Photo of James Koenig James Koenig

Jim co-chairs the firm’s Privacy + Cyber Practice Group. For the past ten years, he has represented global clients in the financial services, energy, retail, pharmaceutical/health care, cable, telecommunications, car rental, airline, social media, technology, and manufacturing industries, including 35% of Fortune 100-listed companies.

Photo of Kim Phan Kim Phan

Kim is a partner in the firm’s Privacy + Cyber Practice Group, where she is a privacy and data security attorney, who also assists companies with data breach prevention and response, including establishing effective security programs prior to a data breach and the

Kim is a partner in the firm’s Privacy + Cyber Practice Group, where she is a privacy and data security attorney, who also assists companies with data breach prevention and response, including establishing effective security programs prior to a data breach and the assessment of breach response obligations following a breach.

Photo of Linnea Kelly Linnea Kelly

Linnea is an associate in the firm’s Health Sciences Department, resident in the Philadelphia office. They graduated from Temple University Beasley School of Law where they completed their J.D. and served as an articles editor for the Temple Law Review. While in…

Linnea is an associate in the firm’s Health Sciences Department, resident in the Philadelphia office. They graduated from Temple University Beasley School of Law where they completed their J.D. and served as an articles editor for the Temple Law Review. While in law school, Linnea served as a certified legal intern at the Defender Association of Philadelphia.

Photo of Karla Ballesteros Karla Ballesteros

Karla is an associate in the firm’s Privacy + Cyber practice. Her daily work includes counseling insureds on the initial incident response, potential ransom payment, restoration, data mining, and notification segments of the incident response practice. She also leads efforts to identifying and…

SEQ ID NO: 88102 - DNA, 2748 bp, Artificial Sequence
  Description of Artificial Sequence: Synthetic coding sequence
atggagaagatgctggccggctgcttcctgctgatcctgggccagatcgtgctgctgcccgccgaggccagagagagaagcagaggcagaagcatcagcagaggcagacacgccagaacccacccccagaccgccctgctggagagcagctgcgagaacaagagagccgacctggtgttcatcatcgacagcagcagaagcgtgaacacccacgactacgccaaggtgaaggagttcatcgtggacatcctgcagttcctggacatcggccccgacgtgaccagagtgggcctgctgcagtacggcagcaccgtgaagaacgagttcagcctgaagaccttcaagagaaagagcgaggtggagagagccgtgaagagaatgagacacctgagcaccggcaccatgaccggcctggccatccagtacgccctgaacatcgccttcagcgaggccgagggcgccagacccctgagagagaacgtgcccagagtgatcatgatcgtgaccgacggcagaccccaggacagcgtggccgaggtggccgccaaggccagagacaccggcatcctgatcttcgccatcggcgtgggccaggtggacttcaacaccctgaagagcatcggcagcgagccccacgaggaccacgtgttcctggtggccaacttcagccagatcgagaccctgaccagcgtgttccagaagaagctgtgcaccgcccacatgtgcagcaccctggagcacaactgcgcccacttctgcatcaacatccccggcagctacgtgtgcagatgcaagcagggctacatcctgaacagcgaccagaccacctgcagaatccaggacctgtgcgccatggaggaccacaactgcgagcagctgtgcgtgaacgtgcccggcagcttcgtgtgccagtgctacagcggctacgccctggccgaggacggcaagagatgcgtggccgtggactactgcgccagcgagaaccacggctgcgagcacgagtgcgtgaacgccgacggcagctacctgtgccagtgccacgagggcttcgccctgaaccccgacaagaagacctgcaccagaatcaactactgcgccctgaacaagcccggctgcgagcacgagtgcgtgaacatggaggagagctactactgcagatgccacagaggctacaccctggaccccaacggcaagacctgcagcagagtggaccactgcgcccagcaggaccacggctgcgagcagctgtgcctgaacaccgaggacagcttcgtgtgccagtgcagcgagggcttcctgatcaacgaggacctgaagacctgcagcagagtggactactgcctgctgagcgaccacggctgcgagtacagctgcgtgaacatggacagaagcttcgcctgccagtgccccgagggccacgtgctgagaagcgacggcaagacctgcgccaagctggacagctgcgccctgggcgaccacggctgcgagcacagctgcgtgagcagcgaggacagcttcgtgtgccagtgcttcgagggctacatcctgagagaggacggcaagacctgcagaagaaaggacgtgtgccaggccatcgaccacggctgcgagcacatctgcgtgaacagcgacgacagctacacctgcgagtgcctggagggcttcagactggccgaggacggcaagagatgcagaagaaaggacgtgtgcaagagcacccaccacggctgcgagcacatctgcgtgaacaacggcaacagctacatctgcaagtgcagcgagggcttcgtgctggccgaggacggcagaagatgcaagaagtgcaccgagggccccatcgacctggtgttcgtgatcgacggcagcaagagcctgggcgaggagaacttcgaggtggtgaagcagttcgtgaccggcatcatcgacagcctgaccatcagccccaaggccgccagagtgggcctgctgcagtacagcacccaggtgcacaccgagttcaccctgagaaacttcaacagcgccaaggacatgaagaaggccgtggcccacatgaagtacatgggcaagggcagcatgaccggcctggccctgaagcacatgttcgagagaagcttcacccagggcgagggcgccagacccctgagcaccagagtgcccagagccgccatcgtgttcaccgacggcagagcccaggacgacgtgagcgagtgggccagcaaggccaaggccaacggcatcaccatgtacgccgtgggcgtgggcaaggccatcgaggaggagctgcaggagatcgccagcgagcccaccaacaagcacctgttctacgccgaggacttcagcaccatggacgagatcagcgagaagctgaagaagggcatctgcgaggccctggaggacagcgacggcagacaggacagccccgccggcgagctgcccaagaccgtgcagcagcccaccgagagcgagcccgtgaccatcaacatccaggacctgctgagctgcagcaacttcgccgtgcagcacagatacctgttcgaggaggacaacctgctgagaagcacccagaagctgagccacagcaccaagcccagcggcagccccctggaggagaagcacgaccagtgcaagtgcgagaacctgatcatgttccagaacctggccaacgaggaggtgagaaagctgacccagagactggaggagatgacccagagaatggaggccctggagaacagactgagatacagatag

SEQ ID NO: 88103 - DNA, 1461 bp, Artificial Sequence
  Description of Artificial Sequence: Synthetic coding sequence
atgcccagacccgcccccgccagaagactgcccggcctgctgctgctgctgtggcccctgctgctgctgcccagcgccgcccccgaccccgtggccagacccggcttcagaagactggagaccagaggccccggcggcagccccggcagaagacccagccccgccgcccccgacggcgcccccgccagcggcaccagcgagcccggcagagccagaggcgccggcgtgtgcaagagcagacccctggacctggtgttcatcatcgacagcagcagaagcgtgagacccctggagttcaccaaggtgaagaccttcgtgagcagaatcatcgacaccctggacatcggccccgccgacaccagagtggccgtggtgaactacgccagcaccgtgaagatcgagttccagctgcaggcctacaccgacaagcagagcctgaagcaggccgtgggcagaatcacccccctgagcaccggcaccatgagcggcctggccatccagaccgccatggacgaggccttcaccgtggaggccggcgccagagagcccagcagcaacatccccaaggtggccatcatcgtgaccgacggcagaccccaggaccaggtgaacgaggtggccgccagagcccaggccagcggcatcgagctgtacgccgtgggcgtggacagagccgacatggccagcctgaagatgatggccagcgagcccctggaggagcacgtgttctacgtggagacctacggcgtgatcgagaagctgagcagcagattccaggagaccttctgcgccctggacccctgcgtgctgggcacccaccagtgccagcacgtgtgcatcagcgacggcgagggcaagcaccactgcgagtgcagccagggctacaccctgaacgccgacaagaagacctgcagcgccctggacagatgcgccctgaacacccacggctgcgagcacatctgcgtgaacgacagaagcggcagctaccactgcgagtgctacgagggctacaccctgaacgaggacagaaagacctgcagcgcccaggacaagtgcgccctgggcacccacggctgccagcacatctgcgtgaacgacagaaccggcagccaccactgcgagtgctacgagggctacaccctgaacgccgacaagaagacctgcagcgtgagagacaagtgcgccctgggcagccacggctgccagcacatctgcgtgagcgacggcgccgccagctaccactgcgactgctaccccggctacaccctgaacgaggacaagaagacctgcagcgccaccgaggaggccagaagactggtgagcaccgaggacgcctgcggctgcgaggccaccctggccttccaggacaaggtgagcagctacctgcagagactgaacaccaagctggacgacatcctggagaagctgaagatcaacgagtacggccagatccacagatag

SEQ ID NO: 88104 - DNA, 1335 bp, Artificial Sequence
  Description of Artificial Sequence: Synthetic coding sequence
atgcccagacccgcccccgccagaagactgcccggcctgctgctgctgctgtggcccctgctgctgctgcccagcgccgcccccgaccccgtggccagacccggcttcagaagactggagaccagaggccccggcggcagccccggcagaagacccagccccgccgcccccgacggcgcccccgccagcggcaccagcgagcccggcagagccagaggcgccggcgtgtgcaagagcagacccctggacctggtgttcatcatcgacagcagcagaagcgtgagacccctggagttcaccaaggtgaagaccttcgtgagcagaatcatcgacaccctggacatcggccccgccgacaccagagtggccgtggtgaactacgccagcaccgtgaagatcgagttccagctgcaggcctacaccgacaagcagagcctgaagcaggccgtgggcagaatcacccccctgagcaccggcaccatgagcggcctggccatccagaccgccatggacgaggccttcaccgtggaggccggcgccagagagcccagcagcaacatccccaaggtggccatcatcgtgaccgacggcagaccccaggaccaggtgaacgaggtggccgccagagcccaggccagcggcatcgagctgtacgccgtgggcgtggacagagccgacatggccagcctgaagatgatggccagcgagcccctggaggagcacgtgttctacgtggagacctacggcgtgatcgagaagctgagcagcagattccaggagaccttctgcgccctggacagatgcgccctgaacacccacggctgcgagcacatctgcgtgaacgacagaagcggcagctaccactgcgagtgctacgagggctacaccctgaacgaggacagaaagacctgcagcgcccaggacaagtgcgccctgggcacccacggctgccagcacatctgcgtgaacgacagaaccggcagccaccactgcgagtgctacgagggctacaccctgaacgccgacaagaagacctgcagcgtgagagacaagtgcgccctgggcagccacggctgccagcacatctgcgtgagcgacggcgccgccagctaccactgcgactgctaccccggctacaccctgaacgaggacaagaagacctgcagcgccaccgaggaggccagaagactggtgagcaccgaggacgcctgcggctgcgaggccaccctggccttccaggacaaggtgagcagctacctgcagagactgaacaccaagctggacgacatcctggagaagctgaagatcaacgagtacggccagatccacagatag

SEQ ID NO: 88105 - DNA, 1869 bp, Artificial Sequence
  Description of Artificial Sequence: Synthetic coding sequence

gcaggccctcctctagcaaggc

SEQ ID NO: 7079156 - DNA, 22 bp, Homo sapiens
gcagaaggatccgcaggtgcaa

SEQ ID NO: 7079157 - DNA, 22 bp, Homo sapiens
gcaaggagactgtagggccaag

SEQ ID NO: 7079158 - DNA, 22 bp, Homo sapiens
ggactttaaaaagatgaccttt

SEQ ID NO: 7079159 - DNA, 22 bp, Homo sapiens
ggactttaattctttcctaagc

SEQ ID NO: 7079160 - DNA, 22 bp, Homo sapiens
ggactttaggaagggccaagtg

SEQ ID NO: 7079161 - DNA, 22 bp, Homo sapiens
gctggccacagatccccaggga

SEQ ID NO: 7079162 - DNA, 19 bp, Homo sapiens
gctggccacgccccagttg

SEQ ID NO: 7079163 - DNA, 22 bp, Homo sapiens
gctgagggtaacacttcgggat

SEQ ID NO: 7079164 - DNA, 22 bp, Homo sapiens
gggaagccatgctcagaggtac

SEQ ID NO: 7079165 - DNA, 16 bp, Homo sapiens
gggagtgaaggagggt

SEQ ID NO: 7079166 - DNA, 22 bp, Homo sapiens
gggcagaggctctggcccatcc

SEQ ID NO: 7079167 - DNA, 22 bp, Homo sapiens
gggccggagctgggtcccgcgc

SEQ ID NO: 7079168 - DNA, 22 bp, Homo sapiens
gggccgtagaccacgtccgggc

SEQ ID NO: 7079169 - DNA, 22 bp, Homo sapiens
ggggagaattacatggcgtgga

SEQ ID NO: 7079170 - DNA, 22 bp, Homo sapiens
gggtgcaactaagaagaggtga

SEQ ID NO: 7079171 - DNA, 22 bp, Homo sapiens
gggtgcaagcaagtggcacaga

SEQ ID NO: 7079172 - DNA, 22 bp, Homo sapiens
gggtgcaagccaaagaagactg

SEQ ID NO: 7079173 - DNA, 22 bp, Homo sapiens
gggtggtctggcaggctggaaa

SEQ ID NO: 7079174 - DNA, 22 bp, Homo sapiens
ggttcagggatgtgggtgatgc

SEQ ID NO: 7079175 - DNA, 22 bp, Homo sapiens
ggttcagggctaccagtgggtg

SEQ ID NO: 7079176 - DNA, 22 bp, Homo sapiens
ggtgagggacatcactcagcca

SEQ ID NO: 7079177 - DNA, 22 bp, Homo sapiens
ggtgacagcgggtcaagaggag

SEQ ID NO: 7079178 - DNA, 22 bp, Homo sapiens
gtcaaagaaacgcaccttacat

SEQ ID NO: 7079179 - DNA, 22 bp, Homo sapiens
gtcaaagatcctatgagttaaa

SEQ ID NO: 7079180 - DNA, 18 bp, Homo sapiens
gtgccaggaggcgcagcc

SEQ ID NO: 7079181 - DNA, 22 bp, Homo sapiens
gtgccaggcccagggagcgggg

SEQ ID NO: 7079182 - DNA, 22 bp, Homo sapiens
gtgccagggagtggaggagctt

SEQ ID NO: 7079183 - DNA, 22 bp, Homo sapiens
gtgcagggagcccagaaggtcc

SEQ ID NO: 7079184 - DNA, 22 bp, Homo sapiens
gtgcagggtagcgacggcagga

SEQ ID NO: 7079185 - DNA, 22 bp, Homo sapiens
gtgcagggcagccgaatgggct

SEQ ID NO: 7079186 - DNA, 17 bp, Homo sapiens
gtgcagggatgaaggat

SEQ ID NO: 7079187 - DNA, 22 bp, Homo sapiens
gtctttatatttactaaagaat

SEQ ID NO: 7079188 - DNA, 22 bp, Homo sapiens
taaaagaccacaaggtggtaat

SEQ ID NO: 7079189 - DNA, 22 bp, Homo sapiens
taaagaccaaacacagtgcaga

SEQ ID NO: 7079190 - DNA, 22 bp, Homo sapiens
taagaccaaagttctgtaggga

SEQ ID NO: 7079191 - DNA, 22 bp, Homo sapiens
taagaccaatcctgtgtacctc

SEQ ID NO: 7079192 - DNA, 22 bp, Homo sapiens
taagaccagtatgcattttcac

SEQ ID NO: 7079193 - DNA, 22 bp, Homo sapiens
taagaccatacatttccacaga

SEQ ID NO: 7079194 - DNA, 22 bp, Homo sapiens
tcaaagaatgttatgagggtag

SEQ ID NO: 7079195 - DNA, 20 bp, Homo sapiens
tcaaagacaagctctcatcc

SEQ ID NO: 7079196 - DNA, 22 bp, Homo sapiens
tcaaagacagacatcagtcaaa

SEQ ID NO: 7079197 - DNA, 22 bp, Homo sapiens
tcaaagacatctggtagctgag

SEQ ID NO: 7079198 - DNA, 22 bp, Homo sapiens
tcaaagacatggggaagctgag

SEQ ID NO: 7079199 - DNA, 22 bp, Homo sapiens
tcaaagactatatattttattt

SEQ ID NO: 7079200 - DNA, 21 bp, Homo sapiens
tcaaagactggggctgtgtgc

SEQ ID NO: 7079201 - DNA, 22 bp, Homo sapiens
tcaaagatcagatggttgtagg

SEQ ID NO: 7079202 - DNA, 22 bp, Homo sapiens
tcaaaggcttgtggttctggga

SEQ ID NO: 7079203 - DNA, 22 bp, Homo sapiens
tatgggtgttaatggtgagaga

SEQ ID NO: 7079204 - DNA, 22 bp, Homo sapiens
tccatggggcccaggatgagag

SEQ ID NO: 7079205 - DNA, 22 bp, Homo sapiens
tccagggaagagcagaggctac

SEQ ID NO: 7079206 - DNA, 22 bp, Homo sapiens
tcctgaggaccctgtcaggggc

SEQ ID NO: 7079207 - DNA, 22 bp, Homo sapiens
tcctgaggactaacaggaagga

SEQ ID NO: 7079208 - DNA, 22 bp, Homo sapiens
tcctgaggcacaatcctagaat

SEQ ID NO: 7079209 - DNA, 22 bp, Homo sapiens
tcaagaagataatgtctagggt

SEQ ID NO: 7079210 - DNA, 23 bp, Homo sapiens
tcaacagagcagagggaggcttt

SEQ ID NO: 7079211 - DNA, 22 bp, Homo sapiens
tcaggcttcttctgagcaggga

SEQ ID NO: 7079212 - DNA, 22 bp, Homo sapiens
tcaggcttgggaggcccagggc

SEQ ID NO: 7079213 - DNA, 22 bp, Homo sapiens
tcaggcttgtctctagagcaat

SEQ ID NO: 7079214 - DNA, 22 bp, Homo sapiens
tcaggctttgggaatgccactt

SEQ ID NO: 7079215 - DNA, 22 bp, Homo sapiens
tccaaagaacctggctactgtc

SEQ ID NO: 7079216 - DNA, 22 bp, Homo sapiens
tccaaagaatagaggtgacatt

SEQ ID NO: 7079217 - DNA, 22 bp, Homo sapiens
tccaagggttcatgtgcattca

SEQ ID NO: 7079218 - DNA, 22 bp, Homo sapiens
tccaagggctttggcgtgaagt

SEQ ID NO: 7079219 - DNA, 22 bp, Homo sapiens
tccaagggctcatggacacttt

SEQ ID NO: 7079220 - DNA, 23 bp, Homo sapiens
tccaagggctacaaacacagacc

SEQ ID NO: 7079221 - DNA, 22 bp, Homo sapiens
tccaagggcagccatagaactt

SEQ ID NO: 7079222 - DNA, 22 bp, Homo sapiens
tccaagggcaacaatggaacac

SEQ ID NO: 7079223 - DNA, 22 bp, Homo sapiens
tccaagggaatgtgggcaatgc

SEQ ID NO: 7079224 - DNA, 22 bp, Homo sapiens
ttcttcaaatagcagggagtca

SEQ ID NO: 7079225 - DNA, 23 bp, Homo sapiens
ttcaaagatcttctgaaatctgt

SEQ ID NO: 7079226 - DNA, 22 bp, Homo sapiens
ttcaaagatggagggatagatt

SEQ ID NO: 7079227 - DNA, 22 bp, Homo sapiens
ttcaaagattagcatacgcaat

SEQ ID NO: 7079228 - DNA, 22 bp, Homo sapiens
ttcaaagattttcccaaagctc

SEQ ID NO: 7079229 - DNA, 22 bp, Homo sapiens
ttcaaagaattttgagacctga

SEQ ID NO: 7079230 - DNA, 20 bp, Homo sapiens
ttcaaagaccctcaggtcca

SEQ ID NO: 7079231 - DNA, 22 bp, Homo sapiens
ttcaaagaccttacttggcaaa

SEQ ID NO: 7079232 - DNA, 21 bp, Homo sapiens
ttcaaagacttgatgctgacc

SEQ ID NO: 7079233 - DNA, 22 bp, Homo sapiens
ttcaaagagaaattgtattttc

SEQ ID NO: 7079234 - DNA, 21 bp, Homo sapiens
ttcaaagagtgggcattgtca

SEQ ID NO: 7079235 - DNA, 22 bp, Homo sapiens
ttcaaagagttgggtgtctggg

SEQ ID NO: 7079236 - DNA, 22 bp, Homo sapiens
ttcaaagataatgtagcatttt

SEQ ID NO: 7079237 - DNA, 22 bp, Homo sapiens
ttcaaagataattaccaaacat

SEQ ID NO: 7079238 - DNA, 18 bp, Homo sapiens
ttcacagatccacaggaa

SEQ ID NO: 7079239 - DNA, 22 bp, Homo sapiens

Karla is an associate in the firm’s Privacy + Cyber practice. Her daily work includes counseling insureds on the initial incident response, potential ransom payment, restoration, data mining, and notification segments of the incident response practice. She also leads efforts to identifying and remediating shortcomings in cybersecurity and privacy practices of firm clients.

Photo of Susie Lloyd Susie Lloyd

Susie is a litigation associate in the firm’s Privacy + Cyber practice. Her primary focus is assisting clients in the consumer finance industry, including data breach class actions and related regulatory actions in federal and state courts with respect to numerous privacy laws…

Susie is a litigation associate in the firm’s Privacy + Cyber practice. Her primary focus is assisting clients in the consumer finance industry, including data breach class actions and related regulatory actions in federal and state courts with respect to numerous privacy laws and regulations, including but not limited to VPPA.

Photo of Edgar Vargas Edgar Vargas

Edgar is a Certified Information Privacy Professional (CIPP/US). He assists clients on compliance and litigation issues, including issues regarding privacy and cybersecurity laws. He is fluent in Spanish, allowing him to effectively communicate with and serve Spanish speaking clients.

Safvet Theodore Mews Besen

Safvet is an associate in the firm’s Corporate practice.